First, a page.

The challenge as teachers is to ensure children are, in fact, forming letters correctly. Often the result is similar, but without seeing them physically write the letter it can be hard to be sure they have started and finished it in the correct place. Especially with a class of 30!

I have found that using a handwriting patter is helpful, i.e., “a” would be “up over the hill, down round to the line, up-down and flick”.

I suggest investigating how edtech can help (see below) – this can make it more fun and if children are enjoying handwriting, they will progress better.


3, Size matters

Lots of children come to Reception writing in block letters.This is usually easier than lower case letters with their ascenders and descenders; capital letters are also the same size making them easier for young children.

However, it can be challenging for children to get the size of lower case letters consistent while making sure they write on the line; you might end up with a “g” that’s above the line or an “l” that goes too far up.

In addition, those lower case and capital letters which are formed in the same way –“c” and“C”or “p” and “P” – can further add to the confusion and hinder consistency in the size of writing.

Writing size is essential for presentation and can help ensure writing is clear for the child to read back. I recommend using “sky, grass, mud” lines early on (lots of examples of this approach can be found online). This adds a visual element to writing, allowing children to see where the ascenders and descenders should go and stop easily. This approach, combined with a handwriting patter, can be very effective. For example, for the letter “d” – “up over the hill, down round to the line, up to the sky, down to the grass and flick”. Often you only need to use it for a short while.


4, Finger spaces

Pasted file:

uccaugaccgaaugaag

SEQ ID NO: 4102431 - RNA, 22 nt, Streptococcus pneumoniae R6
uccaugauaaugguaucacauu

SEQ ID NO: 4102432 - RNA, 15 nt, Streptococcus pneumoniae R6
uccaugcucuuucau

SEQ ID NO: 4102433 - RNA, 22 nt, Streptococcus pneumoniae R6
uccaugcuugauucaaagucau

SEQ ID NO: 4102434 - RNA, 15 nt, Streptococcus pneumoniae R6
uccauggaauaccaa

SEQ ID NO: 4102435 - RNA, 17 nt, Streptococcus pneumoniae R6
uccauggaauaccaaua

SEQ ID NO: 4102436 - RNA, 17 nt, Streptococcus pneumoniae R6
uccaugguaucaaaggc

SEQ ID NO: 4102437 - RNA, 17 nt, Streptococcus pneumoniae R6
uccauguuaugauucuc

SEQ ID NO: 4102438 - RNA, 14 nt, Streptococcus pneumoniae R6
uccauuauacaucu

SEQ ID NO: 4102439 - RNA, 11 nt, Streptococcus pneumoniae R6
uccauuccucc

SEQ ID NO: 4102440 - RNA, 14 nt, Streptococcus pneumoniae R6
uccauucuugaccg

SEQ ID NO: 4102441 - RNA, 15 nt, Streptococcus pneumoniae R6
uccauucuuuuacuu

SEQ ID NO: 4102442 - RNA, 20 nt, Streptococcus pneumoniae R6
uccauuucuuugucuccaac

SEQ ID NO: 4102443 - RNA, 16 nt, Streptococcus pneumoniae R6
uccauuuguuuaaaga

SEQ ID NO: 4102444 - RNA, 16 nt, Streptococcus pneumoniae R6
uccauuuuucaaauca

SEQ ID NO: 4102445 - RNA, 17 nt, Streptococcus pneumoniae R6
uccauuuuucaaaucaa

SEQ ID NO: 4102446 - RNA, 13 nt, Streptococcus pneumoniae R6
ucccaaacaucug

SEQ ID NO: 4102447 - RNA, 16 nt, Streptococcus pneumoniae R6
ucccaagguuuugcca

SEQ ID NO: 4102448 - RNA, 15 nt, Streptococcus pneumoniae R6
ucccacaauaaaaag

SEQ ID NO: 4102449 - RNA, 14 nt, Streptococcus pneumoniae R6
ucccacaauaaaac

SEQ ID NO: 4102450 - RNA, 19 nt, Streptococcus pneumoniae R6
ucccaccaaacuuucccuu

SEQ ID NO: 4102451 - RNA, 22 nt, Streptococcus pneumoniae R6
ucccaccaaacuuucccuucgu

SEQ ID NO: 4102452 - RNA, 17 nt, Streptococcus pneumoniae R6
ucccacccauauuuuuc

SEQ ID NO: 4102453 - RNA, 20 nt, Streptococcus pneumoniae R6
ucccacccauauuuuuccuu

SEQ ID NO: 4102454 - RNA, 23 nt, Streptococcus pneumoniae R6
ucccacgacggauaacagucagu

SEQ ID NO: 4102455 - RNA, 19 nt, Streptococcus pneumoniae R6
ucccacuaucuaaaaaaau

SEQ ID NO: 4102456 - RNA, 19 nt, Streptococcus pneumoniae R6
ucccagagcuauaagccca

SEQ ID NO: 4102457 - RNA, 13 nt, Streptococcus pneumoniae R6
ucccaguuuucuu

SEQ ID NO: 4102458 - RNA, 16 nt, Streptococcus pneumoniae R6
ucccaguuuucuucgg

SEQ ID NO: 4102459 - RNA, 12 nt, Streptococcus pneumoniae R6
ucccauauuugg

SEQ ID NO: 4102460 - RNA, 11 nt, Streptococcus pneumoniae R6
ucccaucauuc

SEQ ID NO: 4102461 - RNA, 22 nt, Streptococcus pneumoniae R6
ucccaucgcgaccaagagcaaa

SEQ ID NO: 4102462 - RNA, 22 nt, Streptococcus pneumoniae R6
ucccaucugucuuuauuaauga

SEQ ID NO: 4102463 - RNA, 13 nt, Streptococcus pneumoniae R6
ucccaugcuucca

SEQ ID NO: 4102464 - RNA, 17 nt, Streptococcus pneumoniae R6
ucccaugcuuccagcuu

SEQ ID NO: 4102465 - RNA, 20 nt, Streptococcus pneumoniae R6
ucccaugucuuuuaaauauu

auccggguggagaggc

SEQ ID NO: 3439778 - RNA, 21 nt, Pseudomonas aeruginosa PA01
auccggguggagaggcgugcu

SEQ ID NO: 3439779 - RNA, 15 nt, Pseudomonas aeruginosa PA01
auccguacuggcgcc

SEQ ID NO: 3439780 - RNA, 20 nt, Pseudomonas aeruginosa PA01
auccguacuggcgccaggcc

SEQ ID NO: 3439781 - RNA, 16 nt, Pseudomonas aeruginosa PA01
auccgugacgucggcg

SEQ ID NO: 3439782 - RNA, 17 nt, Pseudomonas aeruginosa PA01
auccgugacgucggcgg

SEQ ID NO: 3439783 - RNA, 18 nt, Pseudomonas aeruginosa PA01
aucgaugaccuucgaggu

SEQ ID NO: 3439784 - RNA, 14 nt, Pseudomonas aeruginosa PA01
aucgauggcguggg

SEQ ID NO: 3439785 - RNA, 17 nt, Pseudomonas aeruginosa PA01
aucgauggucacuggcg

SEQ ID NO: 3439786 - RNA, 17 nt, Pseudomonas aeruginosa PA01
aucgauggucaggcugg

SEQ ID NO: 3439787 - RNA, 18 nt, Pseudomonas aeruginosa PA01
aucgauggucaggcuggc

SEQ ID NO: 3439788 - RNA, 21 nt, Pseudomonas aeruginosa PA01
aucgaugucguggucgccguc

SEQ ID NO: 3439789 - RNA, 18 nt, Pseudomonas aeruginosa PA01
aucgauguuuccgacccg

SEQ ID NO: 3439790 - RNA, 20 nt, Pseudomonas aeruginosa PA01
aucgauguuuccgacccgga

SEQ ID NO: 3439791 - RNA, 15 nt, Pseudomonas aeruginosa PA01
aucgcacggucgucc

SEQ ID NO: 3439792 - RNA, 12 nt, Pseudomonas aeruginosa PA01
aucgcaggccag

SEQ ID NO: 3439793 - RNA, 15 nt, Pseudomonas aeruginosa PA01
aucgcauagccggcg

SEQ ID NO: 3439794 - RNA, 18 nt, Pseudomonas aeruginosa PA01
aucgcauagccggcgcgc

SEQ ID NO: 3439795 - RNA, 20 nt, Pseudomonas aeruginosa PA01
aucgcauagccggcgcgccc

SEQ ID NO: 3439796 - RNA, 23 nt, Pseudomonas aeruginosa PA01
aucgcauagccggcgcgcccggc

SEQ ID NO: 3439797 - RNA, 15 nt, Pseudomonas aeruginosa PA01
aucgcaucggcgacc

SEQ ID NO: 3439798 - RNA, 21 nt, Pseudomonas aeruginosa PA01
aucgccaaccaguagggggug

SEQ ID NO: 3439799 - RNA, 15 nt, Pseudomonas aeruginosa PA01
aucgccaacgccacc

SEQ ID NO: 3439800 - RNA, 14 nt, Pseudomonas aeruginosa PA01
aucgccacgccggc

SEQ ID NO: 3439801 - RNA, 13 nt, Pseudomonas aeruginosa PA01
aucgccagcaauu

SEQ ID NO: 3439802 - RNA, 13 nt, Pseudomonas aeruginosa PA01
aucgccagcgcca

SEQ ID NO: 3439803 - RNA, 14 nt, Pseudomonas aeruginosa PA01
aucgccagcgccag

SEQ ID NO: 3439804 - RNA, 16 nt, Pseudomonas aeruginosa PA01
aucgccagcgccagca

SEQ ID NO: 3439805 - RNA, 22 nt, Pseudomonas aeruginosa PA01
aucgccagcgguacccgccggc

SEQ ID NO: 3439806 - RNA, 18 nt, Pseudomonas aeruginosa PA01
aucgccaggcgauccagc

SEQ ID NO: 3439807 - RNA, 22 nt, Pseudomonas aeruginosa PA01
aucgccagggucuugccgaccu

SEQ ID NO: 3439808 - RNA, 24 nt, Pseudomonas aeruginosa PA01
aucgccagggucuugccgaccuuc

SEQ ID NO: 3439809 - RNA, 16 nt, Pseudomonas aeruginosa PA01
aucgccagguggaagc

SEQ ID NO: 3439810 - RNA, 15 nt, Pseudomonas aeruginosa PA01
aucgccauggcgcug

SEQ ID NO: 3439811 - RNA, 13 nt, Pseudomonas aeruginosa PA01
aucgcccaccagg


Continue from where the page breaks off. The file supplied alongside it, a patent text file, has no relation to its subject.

Having mastered pencil grip, letter formation and writing size (not to mention the phonics required to sound out and write words/sentences), children must learn to leave a space between each word to ensure what they have written can be read.

This can be difficult, particularly if they have not fully grasped what words are and how they form sentences. However, even if they do understand, it doesn’t necessarily mean children will leave a space between words.

An online search will provide many ideas to support the use of finger spaces such as “finger space markers” or simply using their own finger to make a space.

A fun activity for young children is to write every word in a different colour so that the difference between the words can be seen clearly.


5, Let’s talk tech

It might seem strange to suggest that edtech can support children with handwriting, but the advent of the tablet computer and stylus mean there are tools out there to develop children’s handwriting skills.

Advantages of using edtech include instant feedback and motivating pupils through interesting and engaging activities. I’ve gained a lot from looking at what edtech tools can help.We are fortunate enough to have 1:1 iPads at our school and have been using Kaligo Apps to support our children in developing their handwriting through fun and engaging games, but I am sure there are lots of options out there.

  • Sophie Lamb is IT lead and year 3 class teacher at Kender Primary School in south east London.

Further information & resources